Note: This blog was originally published in August 2013 and has been updated.

Though there are several factors that impact how much you’ll pay for your mortgage, one of the most important is your mortgage interest rate. When you’re preparing to purchase a home, the interest rate you are quoted on the day of your initial inquiry with a mortgage company will be subject to daily or weekly fluctuations, meaning that rate can and will change over time. This is because mortgage interest rates are partially determined by the Federal Reserve and the bond market, which may rise or fall. If you’re ready to buy a home, learn why you should lock in a mortgage rate and when might be the right time to lock.

A mortgage rate lock does what it says it does: it freezes the current rate so it won’t increase or decrease during the lock period. This is a great way to save money in the long run if you see a rate you like. Bryan Harrison, Branch Manager at NFM Lending, commented, “If you have a rate that you are comfortable with and you can afford the monthly payment, you should talk to your Loan Originator and get the lock in writing”.

Lock periods are commonly offered for 30 or 60 days, but you can ask your lender for shorter or longer options. The rate you choose to keep will be honored until the lock period expires. Agreeing to a longer lock period often comes at a higher cost; ask your lender for an estimate on how long closing can take so you can decide on the best lock period.

While the rate lock will be valid during the timeframe, be aware that your rate may change if your credit score drops, you decide to take another loan type, or if there is an issue during the loan’s underwriting. Additionally, because a rate lock prevents you from being affected by rate hikes, it also prevents you from being able to cash in should rates fall. Some rate locks may have a float-down option, which means you can take advantage of lower rates during the lock period; speak with your lender to see if they offer this.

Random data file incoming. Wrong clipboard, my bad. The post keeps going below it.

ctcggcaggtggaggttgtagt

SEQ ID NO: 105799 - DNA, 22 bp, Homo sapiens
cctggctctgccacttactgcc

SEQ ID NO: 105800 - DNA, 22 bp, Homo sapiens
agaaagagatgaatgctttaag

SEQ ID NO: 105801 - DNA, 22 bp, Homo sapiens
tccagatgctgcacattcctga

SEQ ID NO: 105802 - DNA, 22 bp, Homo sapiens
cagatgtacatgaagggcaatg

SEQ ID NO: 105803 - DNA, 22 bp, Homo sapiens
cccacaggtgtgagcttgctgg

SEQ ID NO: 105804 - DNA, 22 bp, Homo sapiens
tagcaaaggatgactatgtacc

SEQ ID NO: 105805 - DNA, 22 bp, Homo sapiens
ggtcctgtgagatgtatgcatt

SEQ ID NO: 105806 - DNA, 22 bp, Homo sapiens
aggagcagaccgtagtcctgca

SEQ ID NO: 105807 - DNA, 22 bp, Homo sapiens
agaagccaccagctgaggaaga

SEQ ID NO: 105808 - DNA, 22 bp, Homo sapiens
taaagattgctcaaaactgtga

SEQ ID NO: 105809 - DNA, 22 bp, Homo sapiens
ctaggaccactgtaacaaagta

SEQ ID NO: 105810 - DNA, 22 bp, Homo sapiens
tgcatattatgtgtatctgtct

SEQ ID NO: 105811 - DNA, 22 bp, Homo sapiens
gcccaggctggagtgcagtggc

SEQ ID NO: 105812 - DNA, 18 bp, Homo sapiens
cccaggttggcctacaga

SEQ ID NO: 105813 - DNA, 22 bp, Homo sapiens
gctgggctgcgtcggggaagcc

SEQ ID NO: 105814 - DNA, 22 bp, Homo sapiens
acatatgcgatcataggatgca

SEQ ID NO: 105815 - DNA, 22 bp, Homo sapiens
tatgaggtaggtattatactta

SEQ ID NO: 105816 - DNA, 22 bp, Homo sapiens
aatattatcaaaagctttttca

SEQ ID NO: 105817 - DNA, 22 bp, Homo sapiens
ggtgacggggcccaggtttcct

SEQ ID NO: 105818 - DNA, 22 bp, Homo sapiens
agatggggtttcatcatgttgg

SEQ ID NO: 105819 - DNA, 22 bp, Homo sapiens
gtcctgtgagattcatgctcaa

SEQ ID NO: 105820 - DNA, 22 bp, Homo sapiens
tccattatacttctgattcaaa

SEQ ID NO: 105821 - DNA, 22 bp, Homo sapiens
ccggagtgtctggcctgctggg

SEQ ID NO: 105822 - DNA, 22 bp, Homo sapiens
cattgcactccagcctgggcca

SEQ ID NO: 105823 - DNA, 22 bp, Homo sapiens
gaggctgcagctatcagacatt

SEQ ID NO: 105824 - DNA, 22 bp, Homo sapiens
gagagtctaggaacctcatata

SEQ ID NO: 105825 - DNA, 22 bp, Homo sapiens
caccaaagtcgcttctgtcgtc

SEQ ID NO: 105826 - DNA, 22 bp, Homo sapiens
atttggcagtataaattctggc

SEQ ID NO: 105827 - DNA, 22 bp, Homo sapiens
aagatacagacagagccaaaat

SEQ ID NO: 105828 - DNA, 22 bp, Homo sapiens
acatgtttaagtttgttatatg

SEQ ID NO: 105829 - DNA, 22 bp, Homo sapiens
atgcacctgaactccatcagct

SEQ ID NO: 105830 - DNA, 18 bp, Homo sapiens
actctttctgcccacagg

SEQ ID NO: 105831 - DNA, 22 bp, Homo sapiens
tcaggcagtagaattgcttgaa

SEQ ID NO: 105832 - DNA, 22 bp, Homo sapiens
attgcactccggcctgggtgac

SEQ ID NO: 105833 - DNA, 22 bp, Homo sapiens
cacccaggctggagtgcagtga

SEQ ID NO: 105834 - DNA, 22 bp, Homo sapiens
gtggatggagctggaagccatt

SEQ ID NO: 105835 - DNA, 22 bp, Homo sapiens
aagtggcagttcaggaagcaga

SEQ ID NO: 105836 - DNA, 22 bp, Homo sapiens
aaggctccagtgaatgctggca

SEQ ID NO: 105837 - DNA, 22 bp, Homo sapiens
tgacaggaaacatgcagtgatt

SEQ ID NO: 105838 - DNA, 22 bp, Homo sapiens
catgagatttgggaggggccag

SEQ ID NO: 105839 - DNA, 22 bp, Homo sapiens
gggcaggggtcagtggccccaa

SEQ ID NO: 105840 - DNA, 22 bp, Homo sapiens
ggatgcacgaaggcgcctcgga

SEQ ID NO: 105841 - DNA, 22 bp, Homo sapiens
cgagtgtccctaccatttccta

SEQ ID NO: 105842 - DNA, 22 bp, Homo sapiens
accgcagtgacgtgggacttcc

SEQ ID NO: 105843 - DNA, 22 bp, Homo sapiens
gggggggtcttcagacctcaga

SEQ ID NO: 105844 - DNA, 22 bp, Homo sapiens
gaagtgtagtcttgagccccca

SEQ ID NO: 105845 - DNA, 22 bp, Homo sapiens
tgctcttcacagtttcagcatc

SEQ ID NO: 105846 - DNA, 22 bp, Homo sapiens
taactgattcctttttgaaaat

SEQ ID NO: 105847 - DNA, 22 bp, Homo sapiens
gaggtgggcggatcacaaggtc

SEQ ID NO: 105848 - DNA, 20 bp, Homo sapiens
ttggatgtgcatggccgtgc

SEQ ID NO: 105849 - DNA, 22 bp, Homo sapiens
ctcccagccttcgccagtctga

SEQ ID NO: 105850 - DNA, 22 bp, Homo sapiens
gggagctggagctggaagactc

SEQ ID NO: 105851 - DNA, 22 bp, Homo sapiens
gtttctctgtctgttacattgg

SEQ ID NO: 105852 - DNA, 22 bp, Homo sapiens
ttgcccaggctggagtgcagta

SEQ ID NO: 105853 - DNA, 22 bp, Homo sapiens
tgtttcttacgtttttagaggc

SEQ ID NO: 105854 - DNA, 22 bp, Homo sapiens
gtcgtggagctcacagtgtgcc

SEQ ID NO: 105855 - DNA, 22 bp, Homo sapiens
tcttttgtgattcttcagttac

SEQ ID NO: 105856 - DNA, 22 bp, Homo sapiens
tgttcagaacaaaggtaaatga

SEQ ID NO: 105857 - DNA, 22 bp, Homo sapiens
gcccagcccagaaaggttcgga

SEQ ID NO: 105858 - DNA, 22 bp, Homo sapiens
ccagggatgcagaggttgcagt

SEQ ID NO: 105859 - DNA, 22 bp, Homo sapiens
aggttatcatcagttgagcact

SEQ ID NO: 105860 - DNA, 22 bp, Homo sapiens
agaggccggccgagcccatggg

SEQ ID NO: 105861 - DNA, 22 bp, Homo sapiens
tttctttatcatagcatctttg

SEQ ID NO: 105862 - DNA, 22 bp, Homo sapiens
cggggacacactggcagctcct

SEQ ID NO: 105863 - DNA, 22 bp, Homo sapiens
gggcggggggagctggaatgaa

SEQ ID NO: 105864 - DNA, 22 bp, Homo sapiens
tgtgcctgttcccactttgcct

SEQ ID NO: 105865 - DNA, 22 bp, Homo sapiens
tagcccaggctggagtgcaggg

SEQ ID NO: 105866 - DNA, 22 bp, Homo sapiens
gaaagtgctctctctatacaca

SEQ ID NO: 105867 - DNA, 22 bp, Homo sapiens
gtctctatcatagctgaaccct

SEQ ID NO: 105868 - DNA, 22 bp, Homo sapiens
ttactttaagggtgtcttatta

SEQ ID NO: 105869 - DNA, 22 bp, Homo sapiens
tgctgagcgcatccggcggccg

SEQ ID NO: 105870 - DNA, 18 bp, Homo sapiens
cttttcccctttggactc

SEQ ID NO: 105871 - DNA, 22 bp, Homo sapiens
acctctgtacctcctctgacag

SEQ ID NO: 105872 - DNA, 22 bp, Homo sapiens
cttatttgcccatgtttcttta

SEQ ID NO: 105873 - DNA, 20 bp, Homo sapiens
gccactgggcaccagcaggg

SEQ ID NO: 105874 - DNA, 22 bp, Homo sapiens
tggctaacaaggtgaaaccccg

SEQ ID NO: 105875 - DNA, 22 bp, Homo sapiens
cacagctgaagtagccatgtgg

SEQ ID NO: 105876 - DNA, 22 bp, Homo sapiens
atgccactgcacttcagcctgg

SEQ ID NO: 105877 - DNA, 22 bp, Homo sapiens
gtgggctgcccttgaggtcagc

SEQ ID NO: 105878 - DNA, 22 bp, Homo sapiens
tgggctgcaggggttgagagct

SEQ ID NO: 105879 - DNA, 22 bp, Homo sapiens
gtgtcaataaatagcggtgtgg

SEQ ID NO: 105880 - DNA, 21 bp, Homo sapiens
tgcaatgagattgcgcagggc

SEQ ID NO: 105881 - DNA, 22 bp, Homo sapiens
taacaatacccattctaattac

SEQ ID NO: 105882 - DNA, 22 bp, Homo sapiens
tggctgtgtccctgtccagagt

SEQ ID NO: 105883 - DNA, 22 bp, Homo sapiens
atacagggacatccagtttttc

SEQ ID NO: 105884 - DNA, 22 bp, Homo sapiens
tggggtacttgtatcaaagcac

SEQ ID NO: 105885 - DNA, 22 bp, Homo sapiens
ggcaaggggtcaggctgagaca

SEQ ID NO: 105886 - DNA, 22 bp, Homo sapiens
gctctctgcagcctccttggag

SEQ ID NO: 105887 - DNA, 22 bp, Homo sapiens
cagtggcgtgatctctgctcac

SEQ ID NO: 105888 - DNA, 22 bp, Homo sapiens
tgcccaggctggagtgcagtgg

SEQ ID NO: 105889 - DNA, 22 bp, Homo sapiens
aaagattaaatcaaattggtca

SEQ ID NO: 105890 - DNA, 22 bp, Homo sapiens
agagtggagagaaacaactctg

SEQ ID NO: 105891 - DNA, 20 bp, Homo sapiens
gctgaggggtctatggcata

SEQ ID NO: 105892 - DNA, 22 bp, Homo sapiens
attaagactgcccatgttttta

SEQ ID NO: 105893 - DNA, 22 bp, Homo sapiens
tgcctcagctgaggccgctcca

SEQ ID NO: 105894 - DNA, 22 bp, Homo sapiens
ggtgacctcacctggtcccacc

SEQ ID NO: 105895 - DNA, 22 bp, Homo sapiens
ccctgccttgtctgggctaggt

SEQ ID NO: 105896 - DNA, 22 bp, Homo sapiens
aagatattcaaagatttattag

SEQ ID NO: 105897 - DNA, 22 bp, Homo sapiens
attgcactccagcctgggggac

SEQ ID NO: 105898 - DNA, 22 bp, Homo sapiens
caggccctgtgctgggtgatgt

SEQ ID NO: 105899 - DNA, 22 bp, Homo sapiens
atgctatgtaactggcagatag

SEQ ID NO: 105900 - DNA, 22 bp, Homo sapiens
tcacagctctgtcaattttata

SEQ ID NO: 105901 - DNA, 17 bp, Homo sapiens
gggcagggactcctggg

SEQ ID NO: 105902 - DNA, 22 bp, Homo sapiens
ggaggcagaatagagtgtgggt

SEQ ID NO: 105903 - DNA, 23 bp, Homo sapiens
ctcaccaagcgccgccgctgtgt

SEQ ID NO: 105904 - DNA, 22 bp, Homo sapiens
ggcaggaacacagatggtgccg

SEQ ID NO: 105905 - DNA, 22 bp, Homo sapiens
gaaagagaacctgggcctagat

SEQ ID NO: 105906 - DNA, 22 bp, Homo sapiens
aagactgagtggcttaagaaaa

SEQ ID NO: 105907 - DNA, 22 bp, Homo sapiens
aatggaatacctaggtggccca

Once you’ve locked your rate, be aware that the rate could be the same for the duration of the loan (a fixed rate loan), or it could change periodically (a variable rate loan). Speak with your Loan Originator about the difference and the benefits of both types.

A rate lock that establishes a monthly mortgage payment you are comfortable with and gives you peace of mind is probably the right one for you. When you encounter a great interest rate, don’t hesitate – lock it down.

If you have any questions or want more information about locking in a mortgage rate, contact one of our Licensed Mortgage Loan Originators. If you are ready to begin the homebuying process, click here to get started!

*Other terms and conditions apply. A 1 point up-front fee may be collected from the borrower at time of lock, which will be applied to the borrower’s closing cost at settlement. Program not available in all areas. Offers may vary and are subject to change at any time without notice.

When applying for a loan, one of the most important factors that will come into play is your credit score. Before you start the loan application process, you should have a clear understanding of how your credit score affects your mortgage rate so you can assess your financial situation.